Afferent Neural Branching at Human Acupuncture Points: Do Needles Stimulate or Inhibit?
|dc.identifier.citation||Silberstein, Morry and Adcroft, Katharine and Wan, Aston and Massi, Massimiliano. 2012. Afferent Neural Branching at Human Acupuncture Points: Do Needles Stimulate or Inhibit? Medical Acupuncture. 24 (1): pp. 38-42.|
Background: Acupuncture has previously been considered to be stimulatory to the nervous system; however, the specific mechanism for this remains unknown, with the few published studies of acupuncture-point histology showing reduced numbers of nerves and neural receptors at acupuncture-point sites. Objective: This study was undertaken to visualize the neuroanatomic features of acupuncture points in humans. Materials and Methods: Light microscopy was performed on silver-stained sections of a human cadaver at P 6, and confocal microscopy was performed on PgP9.5 and P2X3 immunostained sections of 2 points (GB 20 and SP 6) from a live human volunteer. Results: At each point, but not at control sites, a single nerve bundle extending to the dermal–epidermal junction was identified where it branched into two parts, with each branch running perpendicularly, parallel to the dermal–epidermal junction. Conclusions: Acupuncture may incise afferent unmyelinated axonal branch points, disrupting both neural transmission to the spinal cord and crosstalk along meridians, while simultaneously stimulating larger, myelinated afferents, thus explaining both the immediate and long-lasting effects of acupuncture.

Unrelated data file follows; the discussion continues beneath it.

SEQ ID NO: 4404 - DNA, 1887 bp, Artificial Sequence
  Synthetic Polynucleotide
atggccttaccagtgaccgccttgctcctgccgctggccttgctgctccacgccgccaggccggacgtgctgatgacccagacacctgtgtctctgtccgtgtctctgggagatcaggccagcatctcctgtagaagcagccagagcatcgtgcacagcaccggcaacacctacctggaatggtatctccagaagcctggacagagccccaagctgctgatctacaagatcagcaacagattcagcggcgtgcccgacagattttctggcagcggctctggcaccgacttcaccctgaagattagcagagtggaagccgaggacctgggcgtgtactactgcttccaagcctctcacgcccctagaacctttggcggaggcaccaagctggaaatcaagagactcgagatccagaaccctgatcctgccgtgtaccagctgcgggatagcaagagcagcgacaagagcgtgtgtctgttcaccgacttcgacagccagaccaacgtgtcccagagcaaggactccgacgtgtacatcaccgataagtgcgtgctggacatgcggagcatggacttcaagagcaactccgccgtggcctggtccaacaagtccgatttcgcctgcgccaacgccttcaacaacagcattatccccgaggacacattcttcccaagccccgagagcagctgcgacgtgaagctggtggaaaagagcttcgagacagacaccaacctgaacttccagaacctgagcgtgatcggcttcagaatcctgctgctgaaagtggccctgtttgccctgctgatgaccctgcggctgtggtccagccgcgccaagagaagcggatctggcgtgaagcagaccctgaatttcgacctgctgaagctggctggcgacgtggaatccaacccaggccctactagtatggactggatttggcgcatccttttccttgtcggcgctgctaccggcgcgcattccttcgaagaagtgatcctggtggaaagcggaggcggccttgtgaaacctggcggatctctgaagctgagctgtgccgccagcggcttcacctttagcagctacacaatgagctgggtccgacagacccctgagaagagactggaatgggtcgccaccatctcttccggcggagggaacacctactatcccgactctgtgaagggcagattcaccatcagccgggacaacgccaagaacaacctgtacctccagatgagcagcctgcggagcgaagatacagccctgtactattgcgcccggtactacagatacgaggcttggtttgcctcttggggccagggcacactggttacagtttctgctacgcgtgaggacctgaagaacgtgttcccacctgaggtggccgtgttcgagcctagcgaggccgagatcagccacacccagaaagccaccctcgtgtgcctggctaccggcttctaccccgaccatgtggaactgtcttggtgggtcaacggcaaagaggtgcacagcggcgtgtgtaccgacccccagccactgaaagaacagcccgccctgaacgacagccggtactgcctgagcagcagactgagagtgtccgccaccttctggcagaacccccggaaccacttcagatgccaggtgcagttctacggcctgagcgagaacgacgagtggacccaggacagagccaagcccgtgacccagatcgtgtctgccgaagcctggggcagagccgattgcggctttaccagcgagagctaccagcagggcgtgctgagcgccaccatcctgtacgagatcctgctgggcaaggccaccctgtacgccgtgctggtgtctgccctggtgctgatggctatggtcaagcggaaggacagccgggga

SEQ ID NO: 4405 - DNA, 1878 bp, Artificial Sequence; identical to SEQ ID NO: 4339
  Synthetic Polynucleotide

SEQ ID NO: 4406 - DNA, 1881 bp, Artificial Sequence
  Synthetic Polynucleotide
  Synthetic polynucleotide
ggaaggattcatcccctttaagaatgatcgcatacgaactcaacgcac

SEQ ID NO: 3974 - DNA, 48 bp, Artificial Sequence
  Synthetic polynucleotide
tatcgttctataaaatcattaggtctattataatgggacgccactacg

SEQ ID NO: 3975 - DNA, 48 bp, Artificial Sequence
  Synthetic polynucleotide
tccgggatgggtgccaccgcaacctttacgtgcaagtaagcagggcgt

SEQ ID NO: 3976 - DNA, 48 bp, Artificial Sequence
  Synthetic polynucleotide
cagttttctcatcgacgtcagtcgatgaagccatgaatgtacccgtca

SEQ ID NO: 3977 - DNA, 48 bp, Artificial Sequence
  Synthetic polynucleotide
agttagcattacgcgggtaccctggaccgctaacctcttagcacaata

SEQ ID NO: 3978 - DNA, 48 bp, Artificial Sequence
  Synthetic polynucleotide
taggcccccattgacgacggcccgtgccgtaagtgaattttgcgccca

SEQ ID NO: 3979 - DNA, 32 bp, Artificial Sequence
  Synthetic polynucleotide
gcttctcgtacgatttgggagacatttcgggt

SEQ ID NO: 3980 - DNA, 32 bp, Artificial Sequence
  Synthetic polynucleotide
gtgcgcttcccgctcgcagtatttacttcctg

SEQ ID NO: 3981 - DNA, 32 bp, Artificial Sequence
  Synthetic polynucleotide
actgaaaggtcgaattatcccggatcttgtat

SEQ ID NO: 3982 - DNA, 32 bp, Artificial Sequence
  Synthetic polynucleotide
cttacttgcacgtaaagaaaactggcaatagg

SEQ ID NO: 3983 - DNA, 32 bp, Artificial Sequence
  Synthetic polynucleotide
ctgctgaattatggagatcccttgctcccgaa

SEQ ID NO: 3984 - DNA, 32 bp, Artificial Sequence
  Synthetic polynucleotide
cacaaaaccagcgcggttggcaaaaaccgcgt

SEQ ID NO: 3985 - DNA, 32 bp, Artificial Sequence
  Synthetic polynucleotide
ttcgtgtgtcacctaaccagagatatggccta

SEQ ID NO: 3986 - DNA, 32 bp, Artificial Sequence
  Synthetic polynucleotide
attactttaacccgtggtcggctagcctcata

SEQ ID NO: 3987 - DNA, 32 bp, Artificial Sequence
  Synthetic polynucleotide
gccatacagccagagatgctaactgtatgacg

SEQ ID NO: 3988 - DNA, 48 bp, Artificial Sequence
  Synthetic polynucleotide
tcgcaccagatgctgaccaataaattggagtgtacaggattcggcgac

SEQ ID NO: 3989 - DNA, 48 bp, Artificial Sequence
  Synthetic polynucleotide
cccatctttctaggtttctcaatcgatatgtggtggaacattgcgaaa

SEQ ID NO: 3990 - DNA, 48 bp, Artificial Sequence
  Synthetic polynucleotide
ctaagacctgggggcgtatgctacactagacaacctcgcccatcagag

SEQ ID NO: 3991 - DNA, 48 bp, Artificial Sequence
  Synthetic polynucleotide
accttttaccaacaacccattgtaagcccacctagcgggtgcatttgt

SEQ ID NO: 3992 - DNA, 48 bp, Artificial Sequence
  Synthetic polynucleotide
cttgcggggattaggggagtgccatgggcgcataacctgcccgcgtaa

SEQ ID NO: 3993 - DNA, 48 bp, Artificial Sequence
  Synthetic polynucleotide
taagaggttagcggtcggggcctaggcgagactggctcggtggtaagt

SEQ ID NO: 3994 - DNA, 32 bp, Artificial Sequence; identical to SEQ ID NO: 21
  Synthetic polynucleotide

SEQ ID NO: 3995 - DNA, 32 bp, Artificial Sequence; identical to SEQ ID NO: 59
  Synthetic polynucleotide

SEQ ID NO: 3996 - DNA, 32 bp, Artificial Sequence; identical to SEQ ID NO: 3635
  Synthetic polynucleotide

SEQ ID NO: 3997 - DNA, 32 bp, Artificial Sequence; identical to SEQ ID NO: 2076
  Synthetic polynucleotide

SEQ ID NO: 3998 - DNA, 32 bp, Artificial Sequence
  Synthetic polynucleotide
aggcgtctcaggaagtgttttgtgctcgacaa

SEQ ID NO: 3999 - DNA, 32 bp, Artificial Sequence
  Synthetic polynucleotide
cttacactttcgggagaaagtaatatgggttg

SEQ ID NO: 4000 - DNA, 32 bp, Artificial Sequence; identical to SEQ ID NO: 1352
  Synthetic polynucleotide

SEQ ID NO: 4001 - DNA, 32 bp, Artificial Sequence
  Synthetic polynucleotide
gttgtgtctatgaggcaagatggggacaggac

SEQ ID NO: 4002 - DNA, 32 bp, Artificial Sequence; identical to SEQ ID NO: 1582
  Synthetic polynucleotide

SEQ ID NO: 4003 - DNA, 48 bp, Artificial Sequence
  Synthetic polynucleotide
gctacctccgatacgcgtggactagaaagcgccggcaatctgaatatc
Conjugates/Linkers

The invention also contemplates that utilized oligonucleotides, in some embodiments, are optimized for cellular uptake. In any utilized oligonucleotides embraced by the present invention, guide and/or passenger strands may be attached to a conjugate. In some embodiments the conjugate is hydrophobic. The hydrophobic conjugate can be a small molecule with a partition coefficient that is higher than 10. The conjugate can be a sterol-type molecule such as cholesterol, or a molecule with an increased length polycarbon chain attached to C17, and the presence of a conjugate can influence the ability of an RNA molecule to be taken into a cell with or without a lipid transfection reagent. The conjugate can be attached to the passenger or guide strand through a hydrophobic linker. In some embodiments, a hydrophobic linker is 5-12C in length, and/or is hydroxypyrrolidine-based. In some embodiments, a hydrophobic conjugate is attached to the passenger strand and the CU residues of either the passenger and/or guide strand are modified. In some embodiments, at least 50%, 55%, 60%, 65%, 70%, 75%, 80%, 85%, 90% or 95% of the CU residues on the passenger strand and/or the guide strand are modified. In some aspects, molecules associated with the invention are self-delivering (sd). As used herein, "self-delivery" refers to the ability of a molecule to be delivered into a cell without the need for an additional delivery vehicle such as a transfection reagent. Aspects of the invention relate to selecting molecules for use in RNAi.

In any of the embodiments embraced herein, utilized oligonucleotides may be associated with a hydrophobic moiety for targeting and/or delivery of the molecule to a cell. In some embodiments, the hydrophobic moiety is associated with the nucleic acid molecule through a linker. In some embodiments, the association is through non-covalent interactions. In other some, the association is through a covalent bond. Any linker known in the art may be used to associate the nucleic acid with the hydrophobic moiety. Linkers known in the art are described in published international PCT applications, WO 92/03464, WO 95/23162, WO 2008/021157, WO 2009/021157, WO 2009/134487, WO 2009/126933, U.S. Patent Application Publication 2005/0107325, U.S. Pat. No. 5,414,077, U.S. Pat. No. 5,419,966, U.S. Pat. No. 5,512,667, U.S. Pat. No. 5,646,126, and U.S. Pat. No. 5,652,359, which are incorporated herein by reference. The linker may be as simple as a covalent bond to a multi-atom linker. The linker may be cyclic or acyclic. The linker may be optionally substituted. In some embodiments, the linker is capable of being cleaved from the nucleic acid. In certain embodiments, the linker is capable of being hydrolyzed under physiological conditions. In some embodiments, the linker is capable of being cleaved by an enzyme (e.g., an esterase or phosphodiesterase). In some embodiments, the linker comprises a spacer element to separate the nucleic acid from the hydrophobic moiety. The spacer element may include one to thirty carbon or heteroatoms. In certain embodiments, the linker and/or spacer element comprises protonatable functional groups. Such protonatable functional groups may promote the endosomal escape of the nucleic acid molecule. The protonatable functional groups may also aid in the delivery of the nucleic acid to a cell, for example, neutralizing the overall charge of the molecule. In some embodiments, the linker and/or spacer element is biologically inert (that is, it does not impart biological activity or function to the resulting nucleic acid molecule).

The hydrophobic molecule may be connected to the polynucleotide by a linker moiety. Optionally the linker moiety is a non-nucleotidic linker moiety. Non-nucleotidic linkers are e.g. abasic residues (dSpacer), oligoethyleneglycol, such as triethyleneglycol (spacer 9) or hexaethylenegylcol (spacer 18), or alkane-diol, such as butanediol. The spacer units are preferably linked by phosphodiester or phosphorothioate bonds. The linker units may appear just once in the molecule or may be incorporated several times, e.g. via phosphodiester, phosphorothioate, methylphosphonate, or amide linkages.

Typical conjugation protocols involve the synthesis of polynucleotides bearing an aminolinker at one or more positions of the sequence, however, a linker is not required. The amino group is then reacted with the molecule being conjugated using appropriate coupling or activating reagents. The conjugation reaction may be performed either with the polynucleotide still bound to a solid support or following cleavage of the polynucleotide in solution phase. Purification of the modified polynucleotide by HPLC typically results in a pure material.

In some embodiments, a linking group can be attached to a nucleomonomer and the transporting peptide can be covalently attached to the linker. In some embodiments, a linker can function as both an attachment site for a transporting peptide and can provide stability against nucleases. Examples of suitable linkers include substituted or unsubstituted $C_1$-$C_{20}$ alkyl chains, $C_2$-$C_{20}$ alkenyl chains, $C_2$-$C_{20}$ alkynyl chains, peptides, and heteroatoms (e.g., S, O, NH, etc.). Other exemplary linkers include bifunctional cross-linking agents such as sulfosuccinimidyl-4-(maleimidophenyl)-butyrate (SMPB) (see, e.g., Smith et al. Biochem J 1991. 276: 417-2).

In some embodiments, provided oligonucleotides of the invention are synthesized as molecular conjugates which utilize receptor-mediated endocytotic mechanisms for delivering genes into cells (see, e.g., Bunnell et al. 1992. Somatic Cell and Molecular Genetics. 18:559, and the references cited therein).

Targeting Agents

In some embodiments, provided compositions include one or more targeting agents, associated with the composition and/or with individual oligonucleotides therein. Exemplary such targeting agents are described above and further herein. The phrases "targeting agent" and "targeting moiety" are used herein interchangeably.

|dc.publisher||Mary Ann Liebert, Inc.|
|dc.title||Afferent Neural Branching at Human Acupuncture Points: Do Needles Stimulate or Inhibit?|
This is a copy of an article published in Medical Acupuncture © 2012 copyright Mary Ann Liebert, Inc.; Medical Acupuncture is available online at: